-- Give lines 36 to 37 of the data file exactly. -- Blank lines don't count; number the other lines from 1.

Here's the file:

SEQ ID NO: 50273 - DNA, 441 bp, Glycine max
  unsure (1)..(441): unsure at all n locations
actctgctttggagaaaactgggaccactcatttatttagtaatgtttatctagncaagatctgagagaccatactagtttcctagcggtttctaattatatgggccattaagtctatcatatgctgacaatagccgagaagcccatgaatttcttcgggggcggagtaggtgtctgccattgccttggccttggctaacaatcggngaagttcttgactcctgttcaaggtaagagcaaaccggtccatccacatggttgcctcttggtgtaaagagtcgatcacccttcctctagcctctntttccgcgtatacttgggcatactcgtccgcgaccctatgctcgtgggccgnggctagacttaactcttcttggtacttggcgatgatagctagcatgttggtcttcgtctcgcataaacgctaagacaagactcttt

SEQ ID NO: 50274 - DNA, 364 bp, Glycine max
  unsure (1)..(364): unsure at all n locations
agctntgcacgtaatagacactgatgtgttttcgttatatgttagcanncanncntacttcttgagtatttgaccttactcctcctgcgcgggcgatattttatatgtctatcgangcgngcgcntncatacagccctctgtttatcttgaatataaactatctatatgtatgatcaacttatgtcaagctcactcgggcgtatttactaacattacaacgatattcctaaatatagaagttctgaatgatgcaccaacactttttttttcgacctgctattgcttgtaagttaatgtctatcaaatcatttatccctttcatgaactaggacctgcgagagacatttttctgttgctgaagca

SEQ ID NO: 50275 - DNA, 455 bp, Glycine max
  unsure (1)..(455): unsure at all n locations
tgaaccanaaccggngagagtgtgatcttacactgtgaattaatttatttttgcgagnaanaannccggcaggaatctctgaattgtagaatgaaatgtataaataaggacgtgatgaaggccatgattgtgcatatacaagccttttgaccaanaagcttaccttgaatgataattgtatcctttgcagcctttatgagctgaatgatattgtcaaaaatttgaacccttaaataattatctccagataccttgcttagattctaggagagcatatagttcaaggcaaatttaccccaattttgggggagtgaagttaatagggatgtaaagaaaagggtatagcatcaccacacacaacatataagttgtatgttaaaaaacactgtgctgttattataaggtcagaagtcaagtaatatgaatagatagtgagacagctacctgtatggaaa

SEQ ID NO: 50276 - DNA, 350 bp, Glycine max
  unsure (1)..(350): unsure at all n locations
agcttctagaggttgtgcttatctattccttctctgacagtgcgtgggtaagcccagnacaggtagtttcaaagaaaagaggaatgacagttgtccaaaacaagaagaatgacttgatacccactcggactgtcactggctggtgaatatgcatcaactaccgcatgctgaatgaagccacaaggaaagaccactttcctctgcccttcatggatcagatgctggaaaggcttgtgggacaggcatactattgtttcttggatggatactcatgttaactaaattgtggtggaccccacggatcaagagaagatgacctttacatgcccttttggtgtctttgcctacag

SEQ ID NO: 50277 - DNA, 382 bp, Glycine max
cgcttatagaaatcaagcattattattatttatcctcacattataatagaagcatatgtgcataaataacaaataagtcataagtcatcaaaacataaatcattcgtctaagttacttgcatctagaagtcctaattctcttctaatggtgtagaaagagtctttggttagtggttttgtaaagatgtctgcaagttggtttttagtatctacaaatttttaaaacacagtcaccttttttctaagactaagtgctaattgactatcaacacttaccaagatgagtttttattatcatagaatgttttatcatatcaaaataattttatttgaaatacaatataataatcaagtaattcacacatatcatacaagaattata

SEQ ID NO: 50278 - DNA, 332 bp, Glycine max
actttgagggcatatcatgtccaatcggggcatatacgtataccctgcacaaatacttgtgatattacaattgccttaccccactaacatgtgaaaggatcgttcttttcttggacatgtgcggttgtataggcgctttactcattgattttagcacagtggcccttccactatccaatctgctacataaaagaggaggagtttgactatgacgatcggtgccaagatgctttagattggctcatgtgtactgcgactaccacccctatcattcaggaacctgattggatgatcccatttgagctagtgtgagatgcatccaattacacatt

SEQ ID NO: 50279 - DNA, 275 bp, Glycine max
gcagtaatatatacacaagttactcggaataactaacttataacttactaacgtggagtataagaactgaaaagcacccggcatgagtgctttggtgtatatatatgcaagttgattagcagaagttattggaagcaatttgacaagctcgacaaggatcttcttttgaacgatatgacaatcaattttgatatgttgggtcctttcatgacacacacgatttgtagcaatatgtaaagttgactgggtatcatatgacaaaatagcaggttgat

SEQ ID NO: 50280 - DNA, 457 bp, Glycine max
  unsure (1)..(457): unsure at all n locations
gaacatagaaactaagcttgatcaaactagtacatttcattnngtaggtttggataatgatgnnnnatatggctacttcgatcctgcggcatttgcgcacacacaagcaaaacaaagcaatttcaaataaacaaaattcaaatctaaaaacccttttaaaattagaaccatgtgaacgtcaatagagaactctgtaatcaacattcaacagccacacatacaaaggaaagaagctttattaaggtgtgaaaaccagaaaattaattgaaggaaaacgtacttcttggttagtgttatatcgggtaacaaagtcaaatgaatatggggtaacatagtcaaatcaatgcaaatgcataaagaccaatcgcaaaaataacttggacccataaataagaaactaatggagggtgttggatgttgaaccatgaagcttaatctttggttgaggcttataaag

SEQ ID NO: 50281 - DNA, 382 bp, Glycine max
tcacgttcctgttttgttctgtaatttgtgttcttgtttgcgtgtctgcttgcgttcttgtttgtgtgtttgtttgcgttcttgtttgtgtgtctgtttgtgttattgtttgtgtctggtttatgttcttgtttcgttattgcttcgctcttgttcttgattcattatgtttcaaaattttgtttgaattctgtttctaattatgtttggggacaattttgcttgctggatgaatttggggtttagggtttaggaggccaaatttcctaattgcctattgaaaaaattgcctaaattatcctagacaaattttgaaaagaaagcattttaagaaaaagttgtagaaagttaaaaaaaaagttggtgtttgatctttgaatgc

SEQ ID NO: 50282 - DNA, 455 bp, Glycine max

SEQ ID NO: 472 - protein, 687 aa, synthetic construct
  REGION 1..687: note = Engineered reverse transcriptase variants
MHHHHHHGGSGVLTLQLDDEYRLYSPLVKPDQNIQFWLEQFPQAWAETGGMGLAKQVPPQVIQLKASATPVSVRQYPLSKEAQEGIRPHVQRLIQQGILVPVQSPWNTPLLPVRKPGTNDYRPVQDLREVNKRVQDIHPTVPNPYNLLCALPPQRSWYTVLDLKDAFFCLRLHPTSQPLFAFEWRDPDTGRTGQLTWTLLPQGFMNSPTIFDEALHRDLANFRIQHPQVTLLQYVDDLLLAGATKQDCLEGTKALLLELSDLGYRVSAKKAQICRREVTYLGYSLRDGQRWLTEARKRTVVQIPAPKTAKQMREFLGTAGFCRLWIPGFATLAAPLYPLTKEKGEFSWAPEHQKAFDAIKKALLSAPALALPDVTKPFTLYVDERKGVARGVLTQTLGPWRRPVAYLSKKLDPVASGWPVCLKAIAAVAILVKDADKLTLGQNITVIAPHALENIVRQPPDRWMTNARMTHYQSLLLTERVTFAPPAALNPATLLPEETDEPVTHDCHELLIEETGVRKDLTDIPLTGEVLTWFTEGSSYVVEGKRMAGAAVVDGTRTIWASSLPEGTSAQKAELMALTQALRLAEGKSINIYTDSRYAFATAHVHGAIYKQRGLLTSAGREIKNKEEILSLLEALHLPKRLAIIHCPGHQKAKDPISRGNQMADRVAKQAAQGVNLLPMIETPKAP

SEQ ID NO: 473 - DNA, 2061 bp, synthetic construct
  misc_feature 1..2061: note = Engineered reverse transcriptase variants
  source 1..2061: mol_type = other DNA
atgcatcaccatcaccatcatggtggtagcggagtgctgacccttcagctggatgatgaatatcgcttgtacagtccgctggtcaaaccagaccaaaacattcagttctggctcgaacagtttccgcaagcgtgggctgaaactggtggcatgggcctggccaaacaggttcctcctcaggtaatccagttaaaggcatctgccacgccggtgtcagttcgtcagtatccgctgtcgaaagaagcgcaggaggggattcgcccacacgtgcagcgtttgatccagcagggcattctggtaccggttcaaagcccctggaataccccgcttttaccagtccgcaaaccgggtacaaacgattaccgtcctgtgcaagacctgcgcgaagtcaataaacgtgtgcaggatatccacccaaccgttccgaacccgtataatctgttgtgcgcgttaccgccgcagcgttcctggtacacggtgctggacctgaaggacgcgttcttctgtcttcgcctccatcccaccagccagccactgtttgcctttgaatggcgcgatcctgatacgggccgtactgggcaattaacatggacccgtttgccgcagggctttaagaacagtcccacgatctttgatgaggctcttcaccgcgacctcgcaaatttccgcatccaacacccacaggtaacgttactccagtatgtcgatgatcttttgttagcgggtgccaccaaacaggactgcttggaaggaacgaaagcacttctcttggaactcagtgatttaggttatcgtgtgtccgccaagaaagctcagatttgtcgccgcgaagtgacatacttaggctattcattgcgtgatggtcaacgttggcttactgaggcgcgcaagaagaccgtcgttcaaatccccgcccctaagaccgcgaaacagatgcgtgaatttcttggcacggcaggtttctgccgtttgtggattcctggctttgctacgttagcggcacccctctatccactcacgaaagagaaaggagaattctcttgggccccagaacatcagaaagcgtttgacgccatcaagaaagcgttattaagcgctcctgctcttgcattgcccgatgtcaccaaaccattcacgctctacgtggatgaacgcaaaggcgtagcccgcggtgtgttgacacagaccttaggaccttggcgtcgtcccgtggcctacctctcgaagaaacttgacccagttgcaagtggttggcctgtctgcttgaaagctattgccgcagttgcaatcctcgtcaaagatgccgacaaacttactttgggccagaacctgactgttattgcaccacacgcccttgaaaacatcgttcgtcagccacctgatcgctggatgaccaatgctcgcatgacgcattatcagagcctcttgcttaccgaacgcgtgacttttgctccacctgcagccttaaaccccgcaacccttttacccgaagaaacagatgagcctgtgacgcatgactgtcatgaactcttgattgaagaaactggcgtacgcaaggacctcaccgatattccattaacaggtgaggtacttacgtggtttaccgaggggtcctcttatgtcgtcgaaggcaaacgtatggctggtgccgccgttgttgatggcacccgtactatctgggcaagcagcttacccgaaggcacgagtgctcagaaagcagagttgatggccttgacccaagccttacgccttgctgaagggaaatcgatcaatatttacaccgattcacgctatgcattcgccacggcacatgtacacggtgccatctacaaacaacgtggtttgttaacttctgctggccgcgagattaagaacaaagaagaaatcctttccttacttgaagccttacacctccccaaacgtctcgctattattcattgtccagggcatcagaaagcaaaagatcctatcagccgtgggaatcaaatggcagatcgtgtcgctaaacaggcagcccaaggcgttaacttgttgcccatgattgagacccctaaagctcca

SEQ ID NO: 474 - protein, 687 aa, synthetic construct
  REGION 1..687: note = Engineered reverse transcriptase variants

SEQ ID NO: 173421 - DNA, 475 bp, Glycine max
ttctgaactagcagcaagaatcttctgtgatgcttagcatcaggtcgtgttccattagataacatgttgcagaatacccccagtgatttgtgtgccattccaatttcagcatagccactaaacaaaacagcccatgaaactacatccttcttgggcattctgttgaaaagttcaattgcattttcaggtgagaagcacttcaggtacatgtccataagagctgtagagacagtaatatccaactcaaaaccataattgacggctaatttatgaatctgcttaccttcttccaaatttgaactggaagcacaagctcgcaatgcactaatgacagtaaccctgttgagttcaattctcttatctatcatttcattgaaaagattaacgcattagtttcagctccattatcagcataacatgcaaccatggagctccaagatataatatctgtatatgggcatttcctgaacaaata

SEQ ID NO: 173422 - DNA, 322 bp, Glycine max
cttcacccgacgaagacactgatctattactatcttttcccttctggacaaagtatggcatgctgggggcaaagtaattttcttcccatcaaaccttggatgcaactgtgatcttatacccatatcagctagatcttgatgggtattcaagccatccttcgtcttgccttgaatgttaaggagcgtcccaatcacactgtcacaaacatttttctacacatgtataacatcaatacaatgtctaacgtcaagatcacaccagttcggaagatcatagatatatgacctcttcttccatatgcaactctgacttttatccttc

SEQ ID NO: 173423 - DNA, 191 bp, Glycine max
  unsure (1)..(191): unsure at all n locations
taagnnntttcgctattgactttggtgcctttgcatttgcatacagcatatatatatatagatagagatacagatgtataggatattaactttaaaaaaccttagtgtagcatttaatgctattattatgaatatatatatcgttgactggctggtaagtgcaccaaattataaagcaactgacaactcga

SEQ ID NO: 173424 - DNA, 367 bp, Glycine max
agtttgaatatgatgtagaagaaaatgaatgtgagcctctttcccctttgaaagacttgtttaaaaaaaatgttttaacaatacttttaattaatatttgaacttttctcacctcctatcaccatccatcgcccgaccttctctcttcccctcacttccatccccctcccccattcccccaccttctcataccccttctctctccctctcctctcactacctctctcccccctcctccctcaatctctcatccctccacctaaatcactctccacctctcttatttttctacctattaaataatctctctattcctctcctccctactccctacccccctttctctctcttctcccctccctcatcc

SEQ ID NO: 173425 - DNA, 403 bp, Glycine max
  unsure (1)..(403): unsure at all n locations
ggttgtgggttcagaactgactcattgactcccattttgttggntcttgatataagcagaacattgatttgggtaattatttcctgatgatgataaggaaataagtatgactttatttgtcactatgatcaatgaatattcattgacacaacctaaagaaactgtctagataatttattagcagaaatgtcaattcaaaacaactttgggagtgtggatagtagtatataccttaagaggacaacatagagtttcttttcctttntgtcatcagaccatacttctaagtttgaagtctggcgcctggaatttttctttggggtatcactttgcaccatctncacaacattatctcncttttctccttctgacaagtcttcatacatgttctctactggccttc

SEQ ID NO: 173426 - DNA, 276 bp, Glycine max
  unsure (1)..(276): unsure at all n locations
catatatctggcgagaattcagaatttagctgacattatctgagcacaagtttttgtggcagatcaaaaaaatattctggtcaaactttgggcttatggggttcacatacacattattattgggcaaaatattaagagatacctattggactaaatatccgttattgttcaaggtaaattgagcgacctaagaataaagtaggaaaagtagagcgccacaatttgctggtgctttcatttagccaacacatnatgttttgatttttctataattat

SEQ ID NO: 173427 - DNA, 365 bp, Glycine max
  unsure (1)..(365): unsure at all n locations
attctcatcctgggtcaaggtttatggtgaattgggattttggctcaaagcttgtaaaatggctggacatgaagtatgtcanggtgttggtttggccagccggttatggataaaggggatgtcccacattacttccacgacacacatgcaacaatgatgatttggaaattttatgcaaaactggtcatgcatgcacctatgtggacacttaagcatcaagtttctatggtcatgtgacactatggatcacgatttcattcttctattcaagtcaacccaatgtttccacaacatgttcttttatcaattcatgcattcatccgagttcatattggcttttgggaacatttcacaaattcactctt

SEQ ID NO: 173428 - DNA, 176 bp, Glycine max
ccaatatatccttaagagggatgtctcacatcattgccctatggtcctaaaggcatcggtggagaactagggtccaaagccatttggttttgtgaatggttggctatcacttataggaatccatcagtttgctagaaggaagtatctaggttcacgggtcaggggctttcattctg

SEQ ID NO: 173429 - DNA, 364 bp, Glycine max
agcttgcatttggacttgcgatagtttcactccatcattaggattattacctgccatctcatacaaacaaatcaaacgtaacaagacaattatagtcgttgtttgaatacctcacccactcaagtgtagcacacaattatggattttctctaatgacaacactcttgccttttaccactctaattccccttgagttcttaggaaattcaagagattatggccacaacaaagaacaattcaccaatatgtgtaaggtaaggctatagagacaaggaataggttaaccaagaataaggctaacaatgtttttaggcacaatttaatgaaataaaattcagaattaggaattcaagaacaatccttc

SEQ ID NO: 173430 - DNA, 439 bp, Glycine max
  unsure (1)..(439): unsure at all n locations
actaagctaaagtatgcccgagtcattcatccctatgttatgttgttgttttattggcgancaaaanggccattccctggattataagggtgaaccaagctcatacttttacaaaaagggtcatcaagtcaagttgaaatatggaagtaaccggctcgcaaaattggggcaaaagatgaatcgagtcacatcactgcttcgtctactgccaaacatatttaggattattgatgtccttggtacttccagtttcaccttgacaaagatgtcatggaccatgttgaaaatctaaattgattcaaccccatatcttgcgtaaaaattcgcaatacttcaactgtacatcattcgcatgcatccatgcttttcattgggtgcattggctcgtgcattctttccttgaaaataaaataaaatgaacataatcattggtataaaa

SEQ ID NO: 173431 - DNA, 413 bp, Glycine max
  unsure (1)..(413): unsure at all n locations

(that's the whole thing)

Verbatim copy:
SEQ ID NO: 173422 - DNA, 322 bp, Glycine max
cttcacccgacgaagacactgatctattactatcttttcccttctggacaaagtatggcatgctgggggcaaagtaattttcttcccatcaaaccttggatgcaactgtgatcttatacccatatcagctagatcttgatgggtattcaagccatccttcgtcttgccttgaatgttaaggagcgtcccaatcacactgtcacaaacatttttctacacatgtataacatcaatacaatgtctaacgtcaagatcacaccagttcggaagatcatagatatatgacctcttcttccatatgcaactctgacttttatccttc